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Re: Issue EVAL-WHEN-NON-TOP-LEVEL, v2
- To: Jon L White <firstname.lastname@example.org>
- Subject: Re: Issue EVAL-WHEN-NON-TOP-LEVEL, v2
- From: email@example.com (Sandra J Loosemore)
- Date: Tue, 10 Jan 89 08:49:24 MST
- Cc: firstname.lastname@example.org, SEB1525@draper.com, cl-compiler@SAIL.STANFORD.EDU
- In-reply-to: Jon L White <email@example.com>, Mon, 9 Jan 89 20:14:56 PST
> Date: Mon, 9 Jan 89 20:14:56 PST
> From: Jon L White <firstname.lastname@example.org>
> Say, didn't you realize that the COMPILE situation in the outter eval-when
> means that the DEFMACRO will be evaluated at compile time, regardless of
> any nested inner eval-when's? You know that I favor an implementaiton
> of DEFMACRO that simply macroexpands onto usages of EVAL-WHEN, so that
> there is only *one* notion of toplevel "magic" --namlely eval-when.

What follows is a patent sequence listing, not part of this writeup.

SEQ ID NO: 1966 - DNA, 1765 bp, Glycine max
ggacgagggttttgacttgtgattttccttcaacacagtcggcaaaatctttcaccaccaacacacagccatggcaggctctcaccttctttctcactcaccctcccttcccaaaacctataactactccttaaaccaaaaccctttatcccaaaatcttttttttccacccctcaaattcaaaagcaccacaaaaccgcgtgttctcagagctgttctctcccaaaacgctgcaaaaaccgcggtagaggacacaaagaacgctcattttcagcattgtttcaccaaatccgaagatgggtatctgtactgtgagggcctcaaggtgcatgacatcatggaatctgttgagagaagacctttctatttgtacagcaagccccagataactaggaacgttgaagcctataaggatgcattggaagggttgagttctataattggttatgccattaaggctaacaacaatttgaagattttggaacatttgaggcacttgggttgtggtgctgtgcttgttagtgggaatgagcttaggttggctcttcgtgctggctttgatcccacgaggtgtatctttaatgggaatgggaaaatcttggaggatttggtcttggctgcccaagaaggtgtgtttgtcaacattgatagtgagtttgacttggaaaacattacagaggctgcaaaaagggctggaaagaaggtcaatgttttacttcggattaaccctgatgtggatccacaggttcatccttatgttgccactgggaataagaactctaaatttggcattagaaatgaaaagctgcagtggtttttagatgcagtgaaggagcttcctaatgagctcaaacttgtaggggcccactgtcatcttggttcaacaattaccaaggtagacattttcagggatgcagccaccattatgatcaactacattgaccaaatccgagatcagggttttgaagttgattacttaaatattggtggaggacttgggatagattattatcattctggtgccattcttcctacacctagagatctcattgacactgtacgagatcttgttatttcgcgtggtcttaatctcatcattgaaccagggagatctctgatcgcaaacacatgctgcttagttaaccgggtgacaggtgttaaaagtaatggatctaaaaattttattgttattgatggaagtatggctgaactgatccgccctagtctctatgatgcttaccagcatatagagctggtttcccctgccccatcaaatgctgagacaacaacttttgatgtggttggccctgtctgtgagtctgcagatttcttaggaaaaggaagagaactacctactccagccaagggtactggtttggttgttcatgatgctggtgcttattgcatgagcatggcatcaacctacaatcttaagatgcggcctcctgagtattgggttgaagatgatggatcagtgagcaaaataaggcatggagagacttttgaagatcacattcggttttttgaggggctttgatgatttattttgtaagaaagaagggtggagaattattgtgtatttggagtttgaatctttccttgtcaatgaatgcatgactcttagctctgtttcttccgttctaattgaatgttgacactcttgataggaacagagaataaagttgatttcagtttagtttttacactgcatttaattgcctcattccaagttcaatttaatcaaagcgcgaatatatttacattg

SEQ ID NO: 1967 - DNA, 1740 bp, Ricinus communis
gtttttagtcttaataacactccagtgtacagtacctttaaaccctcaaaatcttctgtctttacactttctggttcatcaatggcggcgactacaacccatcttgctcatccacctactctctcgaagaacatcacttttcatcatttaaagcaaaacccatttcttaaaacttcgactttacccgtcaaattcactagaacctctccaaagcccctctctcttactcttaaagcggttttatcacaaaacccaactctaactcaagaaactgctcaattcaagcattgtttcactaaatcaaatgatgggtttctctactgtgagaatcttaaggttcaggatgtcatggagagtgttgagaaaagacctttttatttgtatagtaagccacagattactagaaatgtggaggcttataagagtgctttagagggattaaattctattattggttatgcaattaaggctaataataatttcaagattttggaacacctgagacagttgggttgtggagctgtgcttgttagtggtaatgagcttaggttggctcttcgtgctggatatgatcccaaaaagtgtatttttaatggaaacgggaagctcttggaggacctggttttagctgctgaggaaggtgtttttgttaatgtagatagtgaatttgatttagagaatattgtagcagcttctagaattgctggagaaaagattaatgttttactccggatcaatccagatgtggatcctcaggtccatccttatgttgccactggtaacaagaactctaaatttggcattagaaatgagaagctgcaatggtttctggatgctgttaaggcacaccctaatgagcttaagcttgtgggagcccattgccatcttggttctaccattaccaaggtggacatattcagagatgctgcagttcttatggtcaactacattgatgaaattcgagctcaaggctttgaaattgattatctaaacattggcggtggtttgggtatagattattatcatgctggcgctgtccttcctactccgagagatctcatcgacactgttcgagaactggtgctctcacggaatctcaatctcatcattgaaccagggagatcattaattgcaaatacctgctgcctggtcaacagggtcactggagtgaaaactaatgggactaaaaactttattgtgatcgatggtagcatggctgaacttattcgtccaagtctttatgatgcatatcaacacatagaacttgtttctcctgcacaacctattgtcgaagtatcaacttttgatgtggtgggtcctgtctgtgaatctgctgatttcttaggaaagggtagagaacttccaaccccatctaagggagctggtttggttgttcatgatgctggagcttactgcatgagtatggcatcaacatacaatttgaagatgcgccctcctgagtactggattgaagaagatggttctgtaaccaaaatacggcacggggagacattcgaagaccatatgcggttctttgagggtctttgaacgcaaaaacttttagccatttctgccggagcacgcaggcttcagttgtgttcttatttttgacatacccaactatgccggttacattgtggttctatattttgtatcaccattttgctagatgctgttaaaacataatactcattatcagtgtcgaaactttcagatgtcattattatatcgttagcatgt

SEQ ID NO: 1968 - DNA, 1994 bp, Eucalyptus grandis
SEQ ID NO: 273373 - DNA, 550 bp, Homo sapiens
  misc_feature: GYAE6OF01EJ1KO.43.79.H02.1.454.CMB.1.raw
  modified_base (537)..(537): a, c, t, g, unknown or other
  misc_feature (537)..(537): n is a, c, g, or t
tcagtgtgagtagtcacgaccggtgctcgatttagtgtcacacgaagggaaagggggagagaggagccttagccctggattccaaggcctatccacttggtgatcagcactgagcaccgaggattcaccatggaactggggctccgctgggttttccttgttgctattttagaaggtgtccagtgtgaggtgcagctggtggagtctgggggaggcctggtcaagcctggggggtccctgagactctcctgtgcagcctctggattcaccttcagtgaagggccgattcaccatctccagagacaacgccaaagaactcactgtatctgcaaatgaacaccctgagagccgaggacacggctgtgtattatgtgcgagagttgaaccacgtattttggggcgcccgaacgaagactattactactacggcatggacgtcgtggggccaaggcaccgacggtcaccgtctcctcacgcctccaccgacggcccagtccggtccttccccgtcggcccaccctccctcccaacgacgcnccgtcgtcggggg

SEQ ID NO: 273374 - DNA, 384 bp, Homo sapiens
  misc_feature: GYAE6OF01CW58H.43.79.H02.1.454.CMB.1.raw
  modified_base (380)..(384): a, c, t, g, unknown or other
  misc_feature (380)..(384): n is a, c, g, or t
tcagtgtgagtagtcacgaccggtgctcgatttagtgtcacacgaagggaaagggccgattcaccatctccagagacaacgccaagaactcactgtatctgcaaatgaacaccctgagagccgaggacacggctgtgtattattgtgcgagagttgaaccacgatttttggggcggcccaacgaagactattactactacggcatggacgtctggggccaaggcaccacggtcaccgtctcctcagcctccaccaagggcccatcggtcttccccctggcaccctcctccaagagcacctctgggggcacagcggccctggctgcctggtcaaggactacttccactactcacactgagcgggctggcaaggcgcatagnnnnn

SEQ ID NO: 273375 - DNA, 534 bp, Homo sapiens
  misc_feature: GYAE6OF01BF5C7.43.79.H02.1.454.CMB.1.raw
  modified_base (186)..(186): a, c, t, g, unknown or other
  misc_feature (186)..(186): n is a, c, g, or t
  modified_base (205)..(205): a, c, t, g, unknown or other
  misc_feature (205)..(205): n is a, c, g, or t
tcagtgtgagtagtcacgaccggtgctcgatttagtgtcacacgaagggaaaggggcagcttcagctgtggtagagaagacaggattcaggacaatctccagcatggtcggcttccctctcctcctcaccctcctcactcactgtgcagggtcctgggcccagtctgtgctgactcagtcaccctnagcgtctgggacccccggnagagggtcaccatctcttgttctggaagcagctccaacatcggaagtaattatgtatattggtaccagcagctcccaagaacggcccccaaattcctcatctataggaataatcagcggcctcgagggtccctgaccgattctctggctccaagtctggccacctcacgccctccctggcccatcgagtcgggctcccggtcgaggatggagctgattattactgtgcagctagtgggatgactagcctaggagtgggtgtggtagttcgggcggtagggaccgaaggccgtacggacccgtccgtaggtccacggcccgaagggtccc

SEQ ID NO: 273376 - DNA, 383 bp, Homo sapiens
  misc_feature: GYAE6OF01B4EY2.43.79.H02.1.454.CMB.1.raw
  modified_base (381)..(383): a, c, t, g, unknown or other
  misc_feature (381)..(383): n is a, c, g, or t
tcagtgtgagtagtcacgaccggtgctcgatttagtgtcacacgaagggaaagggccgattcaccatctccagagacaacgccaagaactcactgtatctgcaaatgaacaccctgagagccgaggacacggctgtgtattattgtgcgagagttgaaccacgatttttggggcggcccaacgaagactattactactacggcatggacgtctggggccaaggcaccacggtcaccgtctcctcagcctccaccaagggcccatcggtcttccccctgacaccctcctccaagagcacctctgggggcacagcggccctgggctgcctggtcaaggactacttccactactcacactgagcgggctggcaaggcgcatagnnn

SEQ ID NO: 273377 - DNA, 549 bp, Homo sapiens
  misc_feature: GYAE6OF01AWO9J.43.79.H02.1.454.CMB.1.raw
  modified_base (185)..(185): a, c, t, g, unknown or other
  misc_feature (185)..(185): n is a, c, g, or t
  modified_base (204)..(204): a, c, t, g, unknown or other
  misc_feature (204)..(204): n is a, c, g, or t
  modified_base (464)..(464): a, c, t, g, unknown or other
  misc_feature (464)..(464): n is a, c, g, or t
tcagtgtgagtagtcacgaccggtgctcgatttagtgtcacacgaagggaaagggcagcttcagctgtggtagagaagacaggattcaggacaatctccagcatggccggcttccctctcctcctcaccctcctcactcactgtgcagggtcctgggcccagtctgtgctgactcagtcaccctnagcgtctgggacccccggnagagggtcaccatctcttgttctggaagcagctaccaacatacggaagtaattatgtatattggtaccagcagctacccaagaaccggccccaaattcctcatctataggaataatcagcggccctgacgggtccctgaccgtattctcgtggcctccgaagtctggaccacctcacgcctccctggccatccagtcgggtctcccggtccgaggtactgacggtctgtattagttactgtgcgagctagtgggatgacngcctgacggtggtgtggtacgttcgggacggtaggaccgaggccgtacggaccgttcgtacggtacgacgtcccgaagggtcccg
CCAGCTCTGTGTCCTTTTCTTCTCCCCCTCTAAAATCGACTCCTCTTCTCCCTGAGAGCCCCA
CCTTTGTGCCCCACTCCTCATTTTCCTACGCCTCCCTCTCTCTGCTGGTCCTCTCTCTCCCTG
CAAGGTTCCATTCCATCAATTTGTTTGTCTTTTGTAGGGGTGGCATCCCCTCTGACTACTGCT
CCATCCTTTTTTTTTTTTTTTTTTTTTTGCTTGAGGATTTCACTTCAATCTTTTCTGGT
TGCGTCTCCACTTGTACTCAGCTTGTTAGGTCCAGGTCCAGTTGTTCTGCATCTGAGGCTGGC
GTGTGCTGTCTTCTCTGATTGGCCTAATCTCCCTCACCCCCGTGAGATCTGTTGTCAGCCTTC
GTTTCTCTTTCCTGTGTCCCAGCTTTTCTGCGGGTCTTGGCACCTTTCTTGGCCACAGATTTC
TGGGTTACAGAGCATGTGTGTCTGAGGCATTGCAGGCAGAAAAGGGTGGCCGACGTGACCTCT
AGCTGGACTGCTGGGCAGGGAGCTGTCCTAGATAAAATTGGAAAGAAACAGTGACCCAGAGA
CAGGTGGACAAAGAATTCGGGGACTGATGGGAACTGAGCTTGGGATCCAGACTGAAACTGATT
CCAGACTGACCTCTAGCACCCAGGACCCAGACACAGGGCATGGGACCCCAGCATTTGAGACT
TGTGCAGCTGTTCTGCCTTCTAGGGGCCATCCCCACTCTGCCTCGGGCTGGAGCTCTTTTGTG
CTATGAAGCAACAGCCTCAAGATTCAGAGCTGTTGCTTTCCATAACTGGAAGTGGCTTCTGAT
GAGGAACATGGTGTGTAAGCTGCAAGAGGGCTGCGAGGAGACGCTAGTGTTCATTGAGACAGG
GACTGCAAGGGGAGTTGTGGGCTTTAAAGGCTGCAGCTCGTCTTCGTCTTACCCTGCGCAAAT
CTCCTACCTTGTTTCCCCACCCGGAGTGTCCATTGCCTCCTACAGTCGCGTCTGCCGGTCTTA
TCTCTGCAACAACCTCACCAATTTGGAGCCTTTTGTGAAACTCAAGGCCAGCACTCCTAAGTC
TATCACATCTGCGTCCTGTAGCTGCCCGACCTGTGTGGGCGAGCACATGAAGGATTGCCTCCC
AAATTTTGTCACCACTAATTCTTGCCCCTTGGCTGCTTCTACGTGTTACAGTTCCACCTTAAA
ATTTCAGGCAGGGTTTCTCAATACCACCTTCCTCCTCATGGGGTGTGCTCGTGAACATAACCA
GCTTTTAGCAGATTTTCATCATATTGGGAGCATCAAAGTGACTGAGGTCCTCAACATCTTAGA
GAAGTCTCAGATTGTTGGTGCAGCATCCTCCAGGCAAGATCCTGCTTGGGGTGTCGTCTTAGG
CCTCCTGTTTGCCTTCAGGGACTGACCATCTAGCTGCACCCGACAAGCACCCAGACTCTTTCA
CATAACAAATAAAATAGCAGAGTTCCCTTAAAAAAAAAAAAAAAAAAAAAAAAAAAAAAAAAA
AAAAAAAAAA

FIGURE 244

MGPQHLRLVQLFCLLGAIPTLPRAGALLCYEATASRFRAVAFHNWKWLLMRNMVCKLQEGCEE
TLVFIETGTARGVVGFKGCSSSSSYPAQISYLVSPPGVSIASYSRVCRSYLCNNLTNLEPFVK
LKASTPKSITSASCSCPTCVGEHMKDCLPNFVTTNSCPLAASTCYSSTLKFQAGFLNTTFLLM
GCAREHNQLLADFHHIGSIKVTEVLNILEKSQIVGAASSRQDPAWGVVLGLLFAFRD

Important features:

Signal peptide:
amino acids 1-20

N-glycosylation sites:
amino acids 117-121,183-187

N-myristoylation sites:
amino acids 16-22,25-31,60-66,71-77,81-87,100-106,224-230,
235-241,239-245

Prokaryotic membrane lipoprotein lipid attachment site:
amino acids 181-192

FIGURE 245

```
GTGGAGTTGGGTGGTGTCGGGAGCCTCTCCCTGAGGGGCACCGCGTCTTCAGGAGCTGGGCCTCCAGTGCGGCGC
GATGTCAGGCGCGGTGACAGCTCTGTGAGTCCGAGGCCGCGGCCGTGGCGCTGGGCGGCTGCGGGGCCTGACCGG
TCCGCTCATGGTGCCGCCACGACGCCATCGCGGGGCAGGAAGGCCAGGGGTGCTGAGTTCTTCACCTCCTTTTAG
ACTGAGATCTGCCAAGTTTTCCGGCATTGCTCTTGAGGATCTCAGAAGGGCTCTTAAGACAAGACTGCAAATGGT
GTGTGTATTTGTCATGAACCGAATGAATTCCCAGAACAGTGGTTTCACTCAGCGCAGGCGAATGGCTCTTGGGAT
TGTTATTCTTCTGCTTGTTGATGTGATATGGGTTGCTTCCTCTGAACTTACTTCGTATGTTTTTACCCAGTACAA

Yes, of course I realized that. That's why I've been arguing that
EVAL-WHEN does -not- need to pass top-level-ness on to its subforms --
so that EVAL-WHEN and the defining macros will be *defined* to have
the same behavior re multiple compile-time evaluations when nested
inside of an (EVAL-WHEN (COMPILE LOAD) ...).
If you'll please look at issue DEFINING-MACROS-NON-TOP-LEVEL, it is
not a requirement that defining macros expand into EVAL-WHENs.
(Pitman and others have argued strongly against even *recommending*
this.) What it does require is that the defining macros perform their
compile-time side effects **only when they appear at top-level**.
If we change the requirements for when EVAL-WHEN does compile-time
magic without changing the requirements for defining macros, then
using EVAL-WHEN to implement the defining macros would not be a
legitimate implementation technique.
Changing the definition of what top-level is will take care of the the
EVAL-WHEN problem and will also allow you to implement the defining macros
in terms of EVAL-WHEN.
The only other thing that top-level-ness implies is the order of
processing of subforms. So far, nobody has been able to come up with
an example that will break for this reason.